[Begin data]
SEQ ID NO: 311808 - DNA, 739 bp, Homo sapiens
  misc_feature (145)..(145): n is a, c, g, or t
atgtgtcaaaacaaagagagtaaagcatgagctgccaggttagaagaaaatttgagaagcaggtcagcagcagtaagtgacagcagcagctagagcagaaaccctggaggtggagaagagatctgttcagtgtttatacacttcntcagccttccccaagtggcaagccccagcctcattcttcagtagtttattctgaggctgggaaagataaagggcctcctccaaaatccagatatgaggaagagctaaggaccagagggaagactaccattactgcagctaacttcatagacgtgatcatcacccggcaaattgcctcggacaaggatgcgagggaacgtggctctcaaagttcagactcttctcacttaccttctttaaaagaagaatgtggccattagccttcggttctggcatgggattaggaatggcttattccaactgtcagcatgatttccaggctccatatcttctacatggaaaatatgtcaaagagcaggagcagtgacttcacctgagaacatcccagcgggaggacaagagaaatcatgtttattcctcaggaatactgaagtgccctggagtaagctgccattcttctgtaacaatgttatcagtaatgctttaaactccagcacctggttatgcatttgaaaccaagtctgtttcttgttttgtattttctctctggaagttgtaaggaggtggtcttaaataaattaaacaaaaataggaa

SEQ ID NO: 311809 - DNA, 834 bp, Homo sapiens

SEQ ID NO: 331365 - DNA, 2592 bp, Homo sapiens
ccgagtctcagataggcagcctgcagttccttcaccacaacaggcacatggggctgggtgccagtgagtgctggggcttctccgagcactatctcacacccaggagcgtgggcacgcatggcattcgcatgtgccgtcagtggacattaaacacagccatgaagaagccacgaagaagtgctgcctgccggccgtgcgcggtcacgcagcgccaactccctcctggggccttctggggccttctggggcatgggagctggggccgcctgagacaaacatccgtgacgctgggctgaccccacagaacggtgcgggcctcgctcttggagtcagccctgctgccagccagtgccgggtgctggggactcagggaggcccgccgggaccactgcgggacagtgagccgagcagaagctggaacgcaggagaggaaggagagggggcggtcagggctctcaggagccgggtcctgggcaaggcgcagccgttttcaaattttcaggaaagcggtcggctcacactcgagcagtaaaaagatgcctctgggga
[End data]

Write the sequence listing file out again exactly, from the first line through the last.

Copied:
SEQ ID NO: 311808 - DNA, 739 bp, Homo sapiens
  misc_feature (145)..(145): n is a, c, g, or t
atgtgtcaaaacaaagagagtaaagcatgagctgccaggttagaagaaaatttgagaagcaggtcagcagcagtaagtgacagcagcagctagagcagaaaccctggaggtggagaagagatctgttcagtgtttatacacttcntcagccttccccaagtggcaagccccagcctcattcttcagtagtttattctgaggctgggaaagataaagggcctcctccaaaatccagatatgaggaagagctaaggaccagagggaagactaccattactgcagctaacttcatagacgtgatcatcacccggcaaattgcctcggacaaggatgcgagggaacgtggctctcaaagttcagactcttctcacttaccttctttaaaagaagaatgtggccattagccttcggttctggcatgggattaggaatggcttattccaactgtcagcatgatttccaggctccatatcttctacatggaaaatatgtcaaagagcaggagcagtgacttcacctgagaacatcccagcgggaggacaagagaaatcatgtttattcctcaggaatactgaagtgccctggagtaagctgccattcttctgtaacaatgttatcagtaatgctttaaactccagcacctggttatgcatttgaaaccaagtctgtttcttgttttgtattttctctctggaagttgtaaggaggtggtcttaaataaattaaacaaaaataggaa

SEQ ID NO: 311809 - DNA, 834 bp, Homo sapiens

SEQ ID NO: 331365 - DNA, 2592 bp, Homo sapiens
ccgagtctcagataggcagcctgcagttccttcaccacaacaggcacatggggctgggtgccagtgagtgctggggcttctccgagcactatctcacacccaggagcgtgggcacgcatggcattcgcatgtgccgtcagtggacattaaacacagccatgaagaagccacgaagaagtgctgcctgccggccgtgcgcggtcacgcagcgccaactccctcctggggccttctggggccttctggggcatgggagctggggccgcctgagacaaacatccgtgacgctgggctgaccccacagaacggtgcgggcctcgctcttggagtcagccctgctgccagccagtgccgggtgctggggactcagggaggcccgccgggaccactgcgggacagtgagccgagcagaagctggaacgcaggagaggaaggagagggggcggtcagggctctcaggagccgggtcctgggcaaggcgcagccgttttcaaattttcaggaaagcggtcggctcacactcgagcagtaaaaagatgcctctgggga